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Instructor Class Description

Time Schedule:

Stefan T. Kamola
HIST 261
Seattle Campus

The Crusades: Middle Eastern Perspectives

Examines the impact of European Christians on the Middle East, from the establishment of the County of Edessa (1097) to the fall of Accon (1291). Explores how Muslims understood, reacted, and adapted to the crusades and how the close encounter with the "Franks" transformed medieval Middle Eastern societies.

Class description

This course examines the "Crusades" within a larger context of cultural and religious contact and exchange across the Mediterranean during the first seven centuries of Islamic history. The interaction of religious groups (Jews, Christians, and Muslims) in Spain, Sicily, and the Middle East serve as a backdrop to the European invasions of Syria and Palestine, which we will examine primarily through the writings of Arabic chroniclers from the region.

Student learning goals

General understanding of Crusades history and its place in European and Islamic history;

Exposure to the practices of historical thinking, using primary sources to discuss events and their memorialization;

Practice writing short reflections to synthesize primary and secondary source materials and students' personal responses to them;

Discussion of the relevance of historical study for our contemporary understanding of the world.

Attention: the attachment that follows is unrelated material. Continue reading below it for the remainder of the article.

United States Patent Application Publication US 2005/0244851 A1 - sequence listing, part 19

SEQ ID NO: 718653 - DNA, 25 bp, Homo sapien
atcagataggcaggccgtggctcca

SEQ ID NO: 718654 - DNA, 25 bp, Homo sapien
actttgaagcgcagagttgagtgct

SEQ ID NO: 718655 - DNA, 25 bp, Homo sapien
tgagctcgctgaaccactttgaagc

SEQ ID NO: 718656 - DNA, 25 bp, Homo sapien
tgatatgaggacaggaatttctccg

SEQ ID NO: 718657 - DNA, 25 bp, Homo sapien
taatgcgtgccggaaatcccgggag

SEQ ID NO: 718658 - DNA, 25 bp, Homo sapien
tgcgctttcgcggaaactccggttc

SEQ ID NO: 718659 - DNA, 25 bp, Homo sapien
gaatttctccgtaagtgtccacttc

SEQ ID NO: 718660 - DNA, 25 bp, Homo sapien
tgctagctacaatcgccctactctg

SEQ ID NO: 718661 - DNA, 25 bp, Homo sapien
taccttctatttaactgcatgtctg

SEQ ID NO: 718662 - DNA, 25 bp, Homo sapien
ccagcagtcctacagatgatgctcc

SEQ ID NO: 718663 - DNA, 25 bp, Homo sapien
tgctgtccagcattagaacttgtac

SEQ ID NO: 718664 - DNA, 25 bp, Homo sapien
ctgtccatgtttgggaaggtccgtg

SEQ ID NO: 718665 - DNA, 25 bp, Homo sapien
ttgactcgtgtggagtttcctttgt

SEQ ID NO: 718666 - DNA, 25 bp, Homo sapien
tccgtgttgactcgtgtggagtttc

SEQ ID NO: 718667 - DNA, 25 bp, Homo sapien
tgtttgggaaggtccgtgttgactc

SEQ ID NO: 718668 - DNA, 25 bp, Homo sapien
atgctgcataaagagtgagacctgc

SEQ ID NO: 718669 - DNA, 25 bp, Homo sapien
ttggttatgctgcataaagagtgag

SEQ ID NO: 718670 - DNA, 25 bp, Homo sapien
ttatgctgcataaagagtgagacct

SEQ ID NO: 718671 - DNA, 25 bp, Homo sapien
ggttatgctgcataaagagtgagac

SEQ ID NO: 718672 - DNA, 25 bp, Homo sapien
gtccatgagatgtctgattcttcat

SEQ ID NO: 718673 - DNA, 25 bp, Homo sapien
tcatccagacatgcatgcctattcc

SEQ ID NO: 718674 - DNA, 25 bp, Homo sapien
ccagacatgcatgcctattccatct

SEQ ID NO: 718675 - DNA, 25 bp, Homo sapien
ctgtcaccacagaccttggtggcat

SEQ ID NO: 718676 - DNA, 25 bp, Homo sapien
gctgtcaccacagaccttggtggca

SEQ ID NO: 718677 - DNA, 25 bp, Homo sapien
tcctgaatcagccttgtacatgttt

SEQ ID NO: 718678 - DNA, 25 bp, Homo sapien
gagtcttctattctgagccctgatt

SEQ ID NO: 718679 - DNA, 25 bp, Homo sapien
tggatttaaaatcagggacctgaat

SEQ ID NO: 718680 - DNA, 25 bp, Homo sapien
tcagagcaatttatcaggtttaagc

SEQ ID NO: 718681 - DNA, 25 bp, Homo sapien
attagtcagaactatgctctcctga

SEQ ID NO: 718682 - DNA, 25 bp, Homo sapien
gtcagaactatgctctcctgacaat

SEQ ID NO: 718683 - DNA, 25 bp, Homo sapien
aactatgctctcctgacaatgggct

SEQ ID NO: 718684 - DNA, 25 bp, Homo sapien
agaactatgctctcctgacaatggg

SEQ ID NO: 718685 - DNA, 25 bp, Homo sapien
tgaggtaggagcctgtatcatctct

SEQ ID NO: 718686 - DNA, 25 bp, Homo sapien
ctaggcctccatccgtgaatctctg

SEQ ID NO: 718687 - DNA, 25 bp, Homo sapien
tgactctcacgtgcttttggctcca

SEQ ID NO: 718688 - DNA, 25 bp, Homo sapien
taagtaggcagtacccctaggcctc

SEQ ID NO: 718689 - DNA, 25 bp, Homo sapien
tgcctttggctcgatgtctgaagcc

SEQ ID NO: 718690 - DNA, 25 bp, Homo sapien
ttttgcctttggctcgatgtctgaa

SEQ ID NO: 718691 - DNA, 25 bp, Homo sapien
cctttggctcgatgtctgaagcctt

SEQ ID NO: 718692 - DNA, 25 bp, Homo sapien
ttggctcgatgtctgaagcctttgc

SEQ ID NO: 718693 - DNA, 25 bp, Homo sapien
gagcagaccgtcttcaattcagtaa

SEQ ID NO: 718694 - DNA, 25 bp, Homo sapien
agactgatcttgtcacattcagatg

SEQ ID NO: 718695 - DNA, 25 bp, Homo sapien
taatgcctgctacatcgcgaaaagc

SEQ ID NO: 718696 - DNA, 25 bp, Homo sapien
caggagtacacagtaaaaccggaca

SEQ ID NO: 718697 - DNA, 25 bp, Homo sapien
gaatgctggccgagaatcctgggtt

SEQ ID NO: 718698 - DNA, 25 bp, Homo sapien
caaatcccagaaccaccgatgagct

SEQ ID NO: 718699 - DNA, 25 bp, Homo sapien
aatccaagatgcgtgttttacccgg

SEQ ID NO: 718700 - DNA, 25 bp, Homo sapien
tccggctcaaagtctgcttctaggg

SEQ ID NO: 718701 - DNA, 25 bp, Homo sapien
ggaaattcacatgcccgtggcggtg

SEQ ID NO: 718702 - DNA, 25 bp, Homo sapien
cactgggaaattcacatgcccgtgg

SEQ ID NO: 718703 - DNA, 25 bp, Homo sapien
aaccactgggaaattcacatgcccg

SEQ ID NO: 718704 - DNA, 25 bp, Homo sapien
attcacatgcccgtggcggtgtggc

General method of instruction

Class periods will be divided between lectures soliciting active feedback and involvement and small- and large-group discussion about primary and secondary source materials.

Recommended preparation

No prerequisites necessary.

Class assignments and grading

Reading worksheets to accompany secondary source readings and assist with in-class discussion; one-page analytical papers on primary sources; short take-home written final reflection. No in-class exams.

Participation in lectures and discussions; demonstrated engagement with readings; completion of analytical and reflective writings.

The information above is intended to be helpful in choosing courses. Because the instructor may further develop his/her plans for this course, its characteristics are subject to change without notice. In most cases, the official course syllabus will be distributed on the first day of class.
Last Update by Stefan T. Kamola
Date: 04/13/2012